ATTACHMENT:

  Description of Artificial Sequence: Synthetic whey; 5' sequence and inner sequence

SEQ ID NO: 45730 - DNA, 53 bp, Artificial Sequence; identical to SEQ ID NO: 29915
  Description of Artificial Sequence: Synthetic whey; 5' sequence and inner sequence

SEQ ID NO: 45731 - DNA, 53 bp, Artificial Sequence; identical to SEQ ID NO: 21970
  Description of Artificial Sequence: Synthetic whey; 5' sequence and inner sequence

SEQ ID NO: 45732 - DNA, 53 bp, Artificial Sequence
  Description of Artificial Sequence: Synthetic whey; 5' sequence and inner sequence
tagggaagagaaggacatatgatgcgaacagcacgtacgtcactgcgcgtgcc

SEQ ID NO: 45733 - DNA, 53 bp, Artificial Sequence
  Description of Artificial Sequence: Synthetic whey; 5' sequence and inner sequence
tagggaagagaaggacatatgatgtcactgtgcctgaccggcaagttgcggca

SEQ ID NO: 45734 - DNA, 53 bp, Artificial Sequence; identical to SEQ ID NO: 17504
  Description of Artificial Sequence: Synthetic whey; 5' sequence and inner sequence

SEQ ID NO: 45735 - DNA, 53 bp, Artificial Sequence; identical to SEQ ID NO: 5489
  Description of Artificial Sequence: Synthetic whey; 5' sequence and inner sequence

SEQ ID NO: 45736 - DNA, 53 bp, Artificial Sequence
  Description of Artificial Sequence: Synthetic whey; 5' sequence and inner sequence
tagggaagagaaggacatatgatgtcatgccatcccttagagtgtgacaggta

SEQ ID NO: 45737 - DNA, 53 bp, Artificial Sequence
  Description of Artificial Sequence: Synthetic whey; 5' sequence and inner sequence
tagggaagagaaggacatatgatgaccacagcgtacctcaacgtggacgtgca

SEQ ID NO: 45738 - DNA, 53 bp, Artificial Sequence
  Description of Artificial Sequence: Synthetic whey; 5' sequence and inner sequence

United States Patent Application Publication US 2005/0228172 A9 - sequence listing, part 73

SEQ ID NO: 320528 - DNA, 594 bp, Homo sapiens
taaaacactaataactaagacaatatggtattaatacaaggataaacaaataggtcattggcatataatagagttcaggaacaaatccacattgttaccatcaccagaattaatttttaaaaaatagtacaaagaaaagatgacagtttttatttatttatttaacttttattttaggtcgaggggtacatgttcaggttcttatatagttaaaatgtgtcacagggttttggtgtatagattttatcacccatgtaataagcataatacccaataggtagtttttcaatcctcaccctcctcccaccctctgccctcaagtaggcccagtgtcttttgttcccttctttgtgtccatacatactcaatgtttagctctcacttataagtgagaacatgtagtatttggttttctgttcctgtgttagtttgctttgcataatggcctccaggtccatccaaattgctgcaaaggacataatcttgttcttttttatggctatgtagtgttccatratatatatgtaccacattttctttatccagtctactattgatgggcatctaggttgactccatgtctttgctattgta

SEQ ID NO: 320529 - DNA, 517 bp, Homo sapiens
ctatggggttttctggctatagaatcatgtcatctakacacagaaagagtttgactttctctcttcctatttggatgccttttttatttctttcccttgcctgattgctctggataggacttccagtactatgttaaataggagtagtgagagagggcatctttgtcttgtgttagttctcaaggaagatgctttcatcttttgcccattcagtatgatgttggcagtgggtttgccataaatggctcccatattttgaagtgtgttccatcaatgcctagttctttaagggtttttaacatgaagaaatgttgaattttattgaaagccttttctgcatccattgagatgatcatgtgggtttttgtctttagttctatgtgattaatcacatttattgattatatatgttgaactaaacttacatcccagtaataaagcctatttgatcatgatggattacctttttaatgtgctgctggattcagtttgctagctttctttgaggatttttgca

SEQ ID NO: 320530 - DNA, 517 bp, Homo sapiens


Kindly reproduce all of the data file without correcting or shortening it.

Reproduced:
  Description of Artificial Sequence: Synthetic whey; 5' sequence and inner sequence

SEQ ID NO: 45730 - DNA, 53 bp, Artificial Sequence; identical to SEQ ID NO: 29915
  Description of Artificial Sequence: Synthetic whey; 5' sequence and inner sequence

SEQ ID NO: 45731 - DNA, 53 bp, Artificial Sequence; identical to SEQ ID NO: 21970
  Description of Artificial Sequence: Synthetic whey; 5' sequence and inner sequence

SEQ ID NO: 45732 - DNA, 53 bp, Artificial Sequence
  Description of Artificial Sequence: Synthetic whey; 5' sequence and inner sequence
tagggaagagaaggacatatgatgcgaacagcacgtacgtcactgcgcgtgcc

SEQ ID NO: 45733 - DNA, 53 bp, Artificial Sequence
  Description of Artificial Sequence: Synthetic whey; 5' sequence and inner sequence
tagggaagagaaggacatatgatgtcactgtgcctgaccggcaagttgcggca

SEQ ID NO: 45734 - DNA, 53 bp, Artificial Sequence; identical to SEQ ID NO: 17504
  Description of Artificial Sequence: Synthetic whey; 5' sequence and inner sequence

SEQ ID NO: 45735 - DNA, 53 bp, Artificial Sequence; identical to SEQ ID NO: 5489
  Description of Artificial Sequence: Synthetic whey; 5' sequence and inner sequence

SEQ ID NO: 45736 - DNA, 53 bp, Artificial Sequence
  Description of Artificial Sequence: Synthetic whey; 5' sequence and inner sequence
tagggaagagaaggacatatgatgtcatgccatcccttagagtgtgacaggta

SEQ ID NO: 45737 - DNA, 53 bp, Artificial Sequence
  Description of Artificial Sequence: Synthetic whey; 5' sequence and inner sequence
tagggaagagaaggacatatgatgaccacagcgtacctcaacgtggacgtgca

SEQ ID NO: 45738 - DNA, 53 bp, Artificial Sequence
  Description of Artificial Sequence: Synthetic whey; 5' sequence and inner sequence

United States Patent Application Publication US 2005/0228172 A9 - sequence listing, part 73

SEQ ID NO: 320528 - DNA, 594 bp, Homo sapiens
taaaacactaataactaagacaatatggtattaatacaaggataaacaaataggtcattggcatataatagagttcaggaacaaatccacattgttaccatcaccagaattaatttttaaaaaatagtacaaagaaaagatgacagtttttatttatttatttaacttttattttaggtcgaggggtacatgttcaggttcttatatagttaaaatgtgtcacagggttttggtgtatagattttatcacccatgtaataagcataatacccaataggtagtttttcaatcctcaccctcctcccaccctctgccctcaagtaggcccagtgtcttttgttcccttctttgtgtccatacatactcaatgtttagctctcacttataagtgagaacatgtagtatttggttttctgttcctgtgttagtttgctttgcataatggcctccaggtccatccaaattgctgcaaaggacataatcttgttcttttttatggctatgtagtgttccatratatatatgtaccacattttctttatccagtctactattgatgggcatctaggttgactccatgtctttgctattgta

SEQ ID NO: 320529 - DNA, 517 bp, Homo sapiens
ctatggggttttctggctatagaatcatgtcatctakacacagaaagagtttgactttctctcttcctatttggatgccttttttatttctttcccttgcctgattgctctggataggacttccagtactatgttaaataggagtagtgagagagggcatctttgtcttgtgttagttctcaaggaagatgctttcatcttttgcccattcagtatgatgttggcagtgggtttgccataaatggctcccatattttgaagtgtgttccatcaatgcctagttctttaagggtttttaacatgaagaaatgttgaattttattgaaagccttttctgcatccattgagatgatcatgtgggtttttgtctttagttctatgtgattaatcacatttattgattatatatgttgaactaaacttacatcccagtaataaagcctatttgatcatgatggattacctttttaatgtgctgctggattcagtttgctagctttctttgaggatttttgca

SEQ ID NO: 320530 - DNA, 517 bp, Homo sapiens